long range & historical data

Posted By: Norm201  Posted On: Apr 26th, 2011  Filed Under: Weather

Hi, I’m new here. I assume this may have been asked before, but I’m not sure how to search for it.

Correct me if I’m wrong but its my understanding that day to day weather tends to repeat itself year after year with respect to a long range forecast. Another words if any particular date is for sunny and warm, the odds are that it will be that way (or was that way) for  the most part in previous years.  Or if rain occurred on a particular day for 7 times in the past 10 years then that same upcoming date should have a 70% chance of rain, baring any particular weather phenomenon as the date approaches.  I realize this may be simplifying it too much but I trying to get a general trend.

My reason for asking is I want to make camping reservations for certain days and I must reserve at least 60 days in advance. I’m trying to increase my odds for good weather.

  1. Certainly the climatology of a specific region is taken into when compiling our long-range outlook. For instance . . . in July and August we sometimes will refer to the “monsoon season” in the Desert Southwest that produce localized heavy showers. But it is also true that we look at other factors that go into making our forecasts.

    Sometimes, when people ask about the methodology, I use a pot filled with water on a stove as an analogy. The pot is the Earth . . . the water is our atmosphere . . . the heat generated by gas flames or electric coils represents the Sun . . . and a wooden spoon represents the Moon.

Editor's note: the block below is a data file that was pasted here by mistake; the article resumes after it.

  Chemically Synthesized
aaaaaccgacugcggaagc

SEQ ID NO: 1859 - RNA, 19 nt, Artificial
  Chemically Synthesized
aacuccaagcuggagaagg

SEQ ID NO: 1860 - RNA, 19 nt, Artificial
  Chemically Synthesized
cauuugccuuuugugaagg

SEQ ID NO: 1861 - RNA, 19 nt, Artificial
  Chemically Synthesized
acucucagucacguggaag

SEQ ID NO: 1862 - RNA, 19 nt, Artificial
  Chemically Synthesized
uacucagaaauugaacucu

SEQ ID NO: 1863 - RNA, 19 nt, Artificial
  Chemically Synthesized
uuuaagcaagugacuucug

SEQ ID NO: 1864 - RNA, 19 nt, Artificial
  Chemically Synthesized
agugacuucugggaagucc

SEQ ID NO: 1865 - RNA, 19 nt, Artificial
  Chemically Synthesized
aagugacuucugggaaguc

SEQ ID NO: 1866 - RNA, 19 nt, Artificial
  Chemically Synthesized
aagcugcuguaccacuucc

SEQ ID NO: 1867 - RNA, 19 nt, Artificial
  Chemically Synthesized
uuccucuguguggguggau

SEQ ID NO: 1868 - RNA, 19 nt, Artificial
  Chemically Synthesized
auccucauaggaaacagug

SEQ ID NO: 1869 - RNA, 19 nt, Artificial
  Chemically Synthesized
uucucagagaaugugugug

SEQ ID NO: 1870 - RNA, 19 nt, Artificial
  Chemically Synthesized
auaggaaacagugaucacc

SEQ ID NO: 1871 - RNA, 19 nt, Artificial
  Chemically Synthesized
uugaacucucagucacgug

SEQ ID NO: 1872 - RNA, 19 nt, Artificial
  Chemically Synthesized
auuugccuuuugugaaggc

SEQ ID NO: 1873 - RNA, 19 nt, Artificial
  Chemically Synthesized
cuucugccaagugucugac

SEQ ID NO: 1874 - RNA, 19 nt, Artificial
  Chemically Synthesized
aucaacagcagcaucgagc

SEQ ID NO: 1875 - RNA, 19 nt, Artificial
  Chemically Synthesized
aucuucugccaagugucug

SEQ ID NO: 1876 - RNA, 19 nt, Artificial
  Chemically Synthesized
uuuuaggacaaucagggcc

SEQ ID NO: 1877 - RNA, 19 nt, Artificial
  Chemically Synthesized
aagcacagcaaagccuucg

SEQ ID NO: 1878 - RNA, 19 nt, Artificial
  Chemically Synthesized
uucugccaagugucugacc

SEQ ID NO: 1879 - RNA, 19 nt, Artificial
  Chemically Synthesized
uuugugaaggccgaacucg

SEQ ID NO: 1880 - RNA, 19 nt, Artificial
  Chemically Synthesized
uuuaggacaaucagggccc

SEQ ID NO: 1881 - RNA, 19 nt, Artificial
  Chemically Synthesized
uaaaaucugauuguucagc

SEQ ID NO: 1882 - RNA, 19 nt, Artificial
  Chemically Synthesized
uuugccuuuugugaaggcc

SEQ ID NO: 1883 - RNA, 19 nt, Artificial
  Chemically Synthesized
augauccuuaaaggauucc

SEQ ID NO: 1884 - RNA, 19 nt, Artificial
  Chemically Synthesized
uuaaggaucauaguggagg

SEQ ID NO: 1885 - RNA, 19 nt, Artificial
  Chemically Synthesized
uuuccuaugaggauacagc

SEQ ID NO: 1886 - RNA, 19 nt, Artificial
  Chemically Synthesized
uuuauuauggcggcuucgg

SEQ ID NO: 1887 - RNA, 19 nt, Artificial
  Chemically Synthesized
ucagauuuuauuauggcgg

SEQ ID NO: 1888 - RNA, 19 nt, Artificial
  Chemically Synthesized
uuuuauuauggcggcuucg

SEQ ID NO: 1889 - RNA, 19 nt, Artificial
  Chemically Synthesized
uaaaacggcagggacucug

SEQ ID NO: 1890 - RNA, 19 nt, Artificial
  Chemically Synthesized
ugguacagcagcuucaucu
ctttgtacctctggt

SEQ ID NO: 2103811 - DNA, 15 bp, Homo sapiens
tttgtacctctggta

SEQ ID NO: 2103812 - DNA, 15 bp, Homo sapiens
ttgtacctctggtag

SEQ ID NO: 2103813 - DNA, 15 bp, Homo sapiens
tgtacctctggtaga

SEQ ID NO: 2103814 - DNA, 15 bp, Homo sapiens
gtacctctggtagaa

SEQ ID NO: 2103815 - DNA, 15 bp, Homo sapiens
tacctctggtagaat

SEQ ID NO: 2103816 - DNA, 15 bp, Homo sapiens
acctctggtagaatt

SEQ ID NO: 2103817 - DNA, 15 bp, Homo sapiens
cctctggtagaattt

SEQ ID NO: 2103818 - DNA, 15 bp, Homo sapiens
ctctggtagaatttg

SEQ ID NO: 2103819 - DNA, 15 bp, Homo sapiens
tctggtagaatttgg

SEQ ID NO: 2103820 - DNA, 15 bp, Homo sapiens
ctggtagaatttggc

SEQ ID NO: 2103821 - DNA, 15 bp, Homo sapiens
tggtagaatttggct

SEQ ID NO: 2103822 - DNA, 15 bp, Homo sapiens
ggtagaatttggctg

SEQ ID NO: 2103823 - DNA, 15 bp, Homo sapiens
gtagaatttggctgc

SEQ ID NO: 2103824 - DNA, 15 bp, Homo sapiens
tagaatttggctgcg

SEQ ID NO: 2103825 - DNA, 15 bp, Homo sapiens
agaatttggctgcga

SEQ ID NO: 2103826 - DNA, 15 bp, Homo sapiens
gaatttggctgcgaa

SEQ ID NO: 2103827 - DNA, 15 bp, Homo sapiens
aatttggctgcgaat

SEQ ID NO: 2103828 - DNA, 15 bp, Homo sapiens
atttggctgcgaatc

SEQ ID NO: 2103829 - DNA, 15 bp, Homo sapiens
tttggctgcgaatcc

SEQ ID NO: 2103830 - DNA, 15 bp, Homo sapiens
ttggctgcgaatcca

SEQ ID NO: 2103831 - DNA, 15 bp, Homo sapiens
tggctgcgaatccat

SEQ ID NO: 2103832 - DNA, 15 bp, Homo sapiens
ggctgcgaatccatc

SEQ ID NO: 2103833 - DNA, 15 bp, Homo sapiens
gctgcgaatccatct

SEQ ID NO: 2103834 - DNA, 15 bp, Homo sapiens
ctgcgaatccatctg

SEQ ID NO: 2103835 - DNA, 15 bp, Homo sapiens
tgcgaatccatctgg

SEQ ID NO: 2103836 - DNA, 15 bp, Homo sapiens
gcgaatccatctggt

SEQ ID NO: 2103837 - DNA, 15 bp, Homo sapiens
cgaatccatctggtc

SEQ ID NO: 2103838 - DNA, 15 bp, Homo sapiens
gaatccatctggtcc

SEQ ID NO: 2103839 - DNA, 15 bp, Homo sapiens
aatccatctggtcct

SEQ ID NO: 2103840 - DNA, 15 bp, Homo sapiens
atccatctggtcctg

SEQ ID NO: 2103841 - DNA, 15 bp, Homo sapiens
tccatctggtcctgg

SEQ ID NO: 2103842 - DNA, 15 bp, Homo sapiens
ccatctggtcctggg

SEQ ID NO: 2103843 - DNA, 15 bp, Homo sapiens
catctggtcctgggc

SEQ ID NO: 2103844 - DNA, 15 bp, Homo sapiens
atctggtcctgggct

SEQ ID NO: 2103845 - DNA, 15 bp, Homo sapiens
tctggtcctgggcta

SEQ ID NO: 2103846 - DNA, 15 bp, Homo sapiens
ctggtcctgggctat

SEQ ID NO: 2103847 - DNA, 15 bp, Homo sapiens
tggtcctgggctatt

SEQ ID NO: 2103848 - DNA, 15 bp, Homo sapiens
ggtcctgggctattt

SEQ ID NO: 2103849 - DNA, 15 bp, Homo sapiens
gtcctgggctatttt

When we take into account solar activity and lunar cycles, it is dependant on how many sunspots and solar flares are occurring and at what phase the Moon is in and its distance from Earth. If a person varies the heat set on the stove and stirs the water a certain way, they will end up with a different variation; the same holds true with our atmosphere: an active Sun usually correlates to hotter temperatures . . . a quiet Sun (less sunspots and flares) means cooler conditions. If the Moon is at full or New phase around perigee, tidal forces are greater (more mixing) as opposed to a quarter Moon at apogee (less mixing).

    So . . . if we say that on a specific date in February there is a chance of a blizzard, it isn’t because a blizzard has occurred on the same day in 7 out of the last 10 years! It is based on a blend of these solar and lunar cycles.

    Put all these variations together (along with climate trends) and you come up with a forecast.

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